I have used Windows Home Vista Premium for over a year and I'm very satisfied with it I think its time for the cry babies get a life and accept it its here too stay for a few years!. Windows 7 might be a better choice in the future but we'll all have to wait for that to..
whats not to like?
I started in the 90's with Dos and Windows 3..have used every operating system since, lastly XP home.
I have a new laptop with Vista home Premier installed, sure there is a learning curve, I bought 2 simple Vists information books at the bookstore, worked through them and I just love it. True, I had a bit of trouble getting my 1999 Epson Scanner and Printer to work, but with a little work, they do!
Change is good people, and most of the flack comes from peoplethat don't take a little time to learn the new software and may be even a bit lazy. I still use XP on my Tower, I won't up grade that,the machine isn't powerful enough to handle it. Man of the problems come from upgrades that can always be a bit dicey!!
from a 66 year old great grandmother who ain't done yet!!
I amit it I love Vista!
I have been using it for well over a year in fact. I built a computer just for it. i have and Intel 6700 Quad core and 4 GB of RAM. Of course I am using the 64 bit version and I have all the drivers and software I need. I do not have trouble with it at all and it is very secure. In cat I think we should be moving away from 32 bit OS's any way but who am I.
Been using it exclusive almost a year error free
I bought a Core 2 Duo system running XP Pro, with that free upgrade to Vista Home Premium. Once I installed Vista as dual boot, I jumped back and forth for a month, but for almost a year now, I've been running Vista exclusively.
Besides standard computer uses, I also do 3D character animation and fairly complex CGI for commercials, and Vista hasn't flinched once at this stuff, sometimes while Media Center is recording a show for me, which I'll watch later on the Xbox 360 - and it streams the TV signals no prob, whether it's the standard def cable, or the second OTA HD tuner (which I added after the purchase of the box).
I have to agree with the sentiment that in the tech podcast - blogosphere, there's a much higher percentage of Apple users who overplay Windows issues, and downplay OS X ones.
PS: In that year of use, both my work systems (a Win XP box and a Mac Pro running Leopard) have crashed at least once every couple of months... both still pretty good track records, but Vista's been a champ for me.
LOVE is a bit strong, but...
...after everything I'd heard about how awful Vista is, I expected to be yanking it off my newly purchased PC and replacing it with XP within days.
It has been 2 weeks now, and no crashes to report. I've been loading my apps and adding h/w devices willy nilly without a single glitch.
Keep waiting for the misery, but none to report yet.
I can't say I love the new UI or features because right now they're a tad annoying; but from what I've read, it's all part of the initial set-up and the pop up noise will ease over time.
i thought the same thing
I was scouring the articles on how to replace with XP, but the dang thing kept working good. The new bells and whistles are kinda' cool too.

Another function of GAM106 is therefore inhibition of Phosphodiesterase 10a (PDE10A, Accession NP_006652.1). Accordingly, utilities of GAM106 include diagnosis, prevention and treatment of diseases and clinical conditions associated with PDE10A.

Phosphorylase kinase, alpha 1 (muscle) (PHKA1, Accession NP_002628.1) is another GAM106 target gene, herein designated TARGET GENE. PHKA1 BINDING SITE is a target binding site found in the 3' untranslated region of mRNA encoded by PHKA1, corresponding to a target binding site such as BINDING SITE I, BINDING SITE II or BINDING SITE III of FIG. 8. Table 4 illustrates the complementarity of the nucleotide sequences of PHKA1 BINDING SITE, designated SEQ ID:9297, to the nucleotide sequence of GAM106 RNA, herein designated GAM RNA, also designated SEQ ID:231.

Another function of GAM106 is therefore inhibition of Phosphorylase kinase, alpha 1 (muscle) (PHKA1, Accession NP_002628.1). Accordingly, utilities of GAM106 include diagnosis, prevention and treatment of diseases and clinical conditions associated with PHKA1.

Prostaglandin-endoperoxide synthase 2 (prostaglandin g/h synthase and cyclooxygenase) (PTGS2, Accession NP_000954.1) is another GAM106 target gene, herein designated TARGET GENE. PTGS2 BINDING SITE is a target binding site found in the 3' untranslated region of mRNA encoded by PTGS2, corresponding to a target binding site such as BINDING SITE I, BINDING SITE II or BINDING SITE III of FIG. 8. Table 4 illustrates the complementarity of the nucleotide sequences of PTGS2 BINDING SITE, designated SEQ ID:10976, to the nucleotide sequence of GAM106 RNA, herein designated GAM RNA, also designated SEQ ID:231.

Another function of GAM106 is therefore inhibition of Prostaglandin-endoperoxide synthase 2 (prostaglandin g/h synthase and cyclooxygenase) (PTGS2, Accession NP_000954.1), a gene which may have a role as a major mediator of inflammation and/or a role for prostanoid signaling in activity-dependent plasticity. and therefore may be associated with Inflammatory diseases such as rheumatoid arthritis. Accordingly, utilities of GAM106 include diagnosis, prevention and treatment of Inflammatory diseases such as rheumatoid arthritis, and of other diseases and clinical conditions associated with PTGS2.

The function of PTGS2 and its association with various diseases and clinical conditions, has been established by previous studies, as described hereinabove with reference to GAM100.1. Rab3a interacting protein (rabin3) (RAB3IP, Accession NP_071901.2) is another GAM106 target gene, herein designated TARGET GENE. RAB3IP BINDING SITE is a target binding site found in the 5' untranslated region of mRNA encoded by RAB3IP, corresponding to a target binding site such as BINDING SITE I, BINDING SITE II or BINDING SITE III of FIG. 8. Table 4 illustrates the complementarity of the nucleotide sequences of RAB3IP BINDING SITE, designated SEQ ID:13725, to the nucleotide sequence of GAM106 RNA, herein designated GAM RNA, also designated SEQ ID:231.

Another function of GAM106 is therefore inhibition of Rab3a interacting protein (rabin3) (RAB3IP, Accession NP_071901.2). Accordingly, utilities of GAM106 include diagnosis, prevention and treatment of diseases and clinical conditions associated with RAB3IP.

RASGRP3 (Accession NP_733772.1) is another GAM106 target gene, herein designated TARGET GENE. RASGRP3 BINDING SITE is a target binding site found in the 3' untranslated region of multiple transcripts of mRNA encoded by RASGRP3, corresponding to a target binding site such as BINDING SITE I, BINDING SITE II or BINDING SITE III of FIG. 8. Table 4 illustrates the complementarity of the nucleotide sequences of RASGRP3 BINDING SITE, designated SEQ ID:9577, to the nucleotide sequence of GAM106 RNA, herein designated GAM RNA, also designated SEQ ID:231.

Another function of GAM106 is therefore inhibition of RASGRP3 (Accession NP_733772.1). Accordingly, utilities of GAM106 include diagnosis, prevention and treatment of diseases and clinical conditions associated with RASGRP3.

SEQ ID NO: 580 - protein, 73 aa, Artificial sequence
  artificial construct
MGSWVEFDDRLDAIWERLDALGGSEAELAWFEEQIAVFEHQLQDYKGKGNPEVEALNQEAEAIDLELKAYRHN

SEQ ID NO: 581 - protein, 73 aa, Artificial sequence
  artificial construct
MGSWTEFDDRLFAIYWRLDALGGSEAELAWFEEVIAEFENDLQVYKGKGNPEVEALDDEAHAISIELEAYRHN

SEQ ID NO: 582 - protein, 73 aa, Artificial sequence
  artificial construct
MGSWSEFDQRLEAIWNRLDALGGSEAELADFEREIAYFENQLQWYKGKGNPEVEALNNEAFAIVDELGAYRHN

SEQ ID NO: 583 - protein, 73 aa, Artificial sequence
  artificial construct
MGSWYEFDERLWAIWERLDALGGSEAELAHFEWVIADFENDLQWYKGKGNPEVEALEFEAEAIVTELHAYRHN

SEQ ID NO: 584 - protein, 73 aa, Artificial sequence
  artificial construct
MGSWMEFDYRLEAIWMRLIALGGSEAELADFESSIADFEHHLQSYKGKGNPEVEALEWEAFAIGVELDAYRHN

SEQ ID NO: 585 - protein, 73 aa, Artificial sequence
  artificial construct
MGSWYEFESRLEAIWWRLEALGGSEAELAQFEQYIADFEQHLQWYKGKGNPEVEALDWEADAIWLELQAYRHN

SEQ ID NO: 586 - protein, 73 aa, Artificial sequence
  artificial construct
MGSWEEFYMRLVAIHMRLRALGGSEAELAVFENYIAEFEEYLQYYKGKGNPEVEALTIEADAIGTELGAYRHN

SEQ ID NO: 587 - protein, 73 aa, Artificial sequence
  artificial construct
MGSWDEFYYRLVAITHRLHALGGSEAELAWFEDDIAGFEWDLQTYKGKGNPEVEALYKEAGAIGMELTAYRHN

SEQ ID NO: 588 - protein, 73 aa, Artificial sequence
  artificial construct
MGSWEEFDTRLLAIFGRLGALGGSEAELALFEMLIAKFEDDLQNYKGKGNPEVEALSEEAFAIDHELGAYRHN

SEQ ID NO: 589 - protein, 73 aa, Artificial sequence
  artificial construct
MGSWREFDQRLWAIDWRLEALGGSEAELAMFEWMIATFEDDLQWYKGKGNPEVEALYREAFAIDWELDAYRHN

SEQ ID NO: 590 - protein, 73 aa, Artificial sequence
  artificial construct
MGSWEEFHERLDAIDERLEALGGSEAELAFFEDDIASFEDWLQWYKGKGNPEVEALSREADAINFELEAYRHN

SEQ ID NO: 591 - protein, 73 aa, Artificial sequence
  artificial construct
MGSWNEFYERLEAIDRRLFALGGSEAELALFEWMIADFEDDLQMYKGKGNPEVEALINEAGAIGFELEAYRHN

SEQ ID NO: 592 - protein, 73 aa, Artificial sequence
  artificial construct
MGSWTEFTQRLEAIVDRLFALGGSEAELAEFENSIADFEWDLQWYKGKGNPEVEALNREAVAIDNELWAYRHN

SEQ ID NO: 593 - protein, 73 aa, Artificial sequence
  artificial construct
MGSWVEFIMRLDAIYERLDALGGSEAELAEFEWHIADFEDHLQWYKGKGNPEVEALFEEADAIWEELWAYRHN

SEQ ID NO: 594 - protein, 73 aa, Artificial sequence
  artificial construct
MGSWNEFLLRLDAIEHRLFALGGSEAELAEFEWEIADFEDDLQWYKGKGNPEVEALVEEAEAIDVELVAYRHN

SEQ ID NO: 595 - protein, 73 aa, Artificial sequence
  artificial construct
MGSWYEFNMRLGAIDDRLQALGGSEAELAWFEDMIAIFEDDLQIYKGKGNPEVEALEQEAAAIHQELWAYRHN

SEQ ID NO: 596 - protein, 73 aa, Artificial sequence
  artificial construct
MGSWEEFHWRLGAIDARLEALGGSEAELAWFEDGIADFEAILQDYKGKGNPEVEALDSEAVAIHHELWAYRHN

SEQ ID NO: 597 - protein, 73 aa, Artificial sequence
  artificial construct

Vista BE x32 and x64
I am the IT Manager for my company and so one of the many things I need to do is try and stay current with the latest trends (and did I mention that my department is a department of two? Me and my IT Support Tech?) so this is a challenge. VMWare and having one or two machines for testing helps.
Our company also develops software and hardware and we are a MSDN subscriber.
So I've been using Vista BE since the beta days; and as my primary OS. As newer beta relases came out the product got "better" (better than the last...) until eventually the launch of the OS where, of course, I installed it on my machine.
For the first few months I was running the 32-Bit version and it did take some hardware makers to produce a driver (or support) for Vista but these were typically older hardware such as a Lexmark printer/scanner that I had at home. No big deal if they never did make a driver for it because it wasn't used that often and the print quality on it wasn't all that great to start with.
Once I was confident that the 32-bit version of Vista BE was running 99% of my applications just fine (the 1% were older legacy apps for which I either run in a VMWare session, on an XP machine or I just don't use it anymore) I backed up my data and installed the 64-Bit version; I've been running the 64-Bit version for about 3 months now.
All that said... my experience with Vista have been a positive one. It does some things much better than XP and there are other things I just question - the "Add/Remove Programs" was renamed to "Programs and Features", I really don't understand the need to rename this; not a big deal.
I'm not saying that I totally love Vista but for the most part I can't see going back to XP. And if I did it wouldn't be the end of the world.
People who recall when Windows and Windows for WorkGroups was around, the move to Windows NT v3.51 was almost as dramatic even though it looked the same but when Windows 9x and NT 4.0 came out people making the move from Windows/Windows for WorkGroups were not thrilled.
The transition from Window 9x/NT 4.0 to Windows 2000 was an easier one becuase it was pretty much seamless and then when XP came out same thing.
Vista, on the other hand, wasn't as seamless. So I think the expectation where people felt they could just "jump right in" were sadly mistaken. Part of it does act and drive like XP but there is much more too it that is no XP like.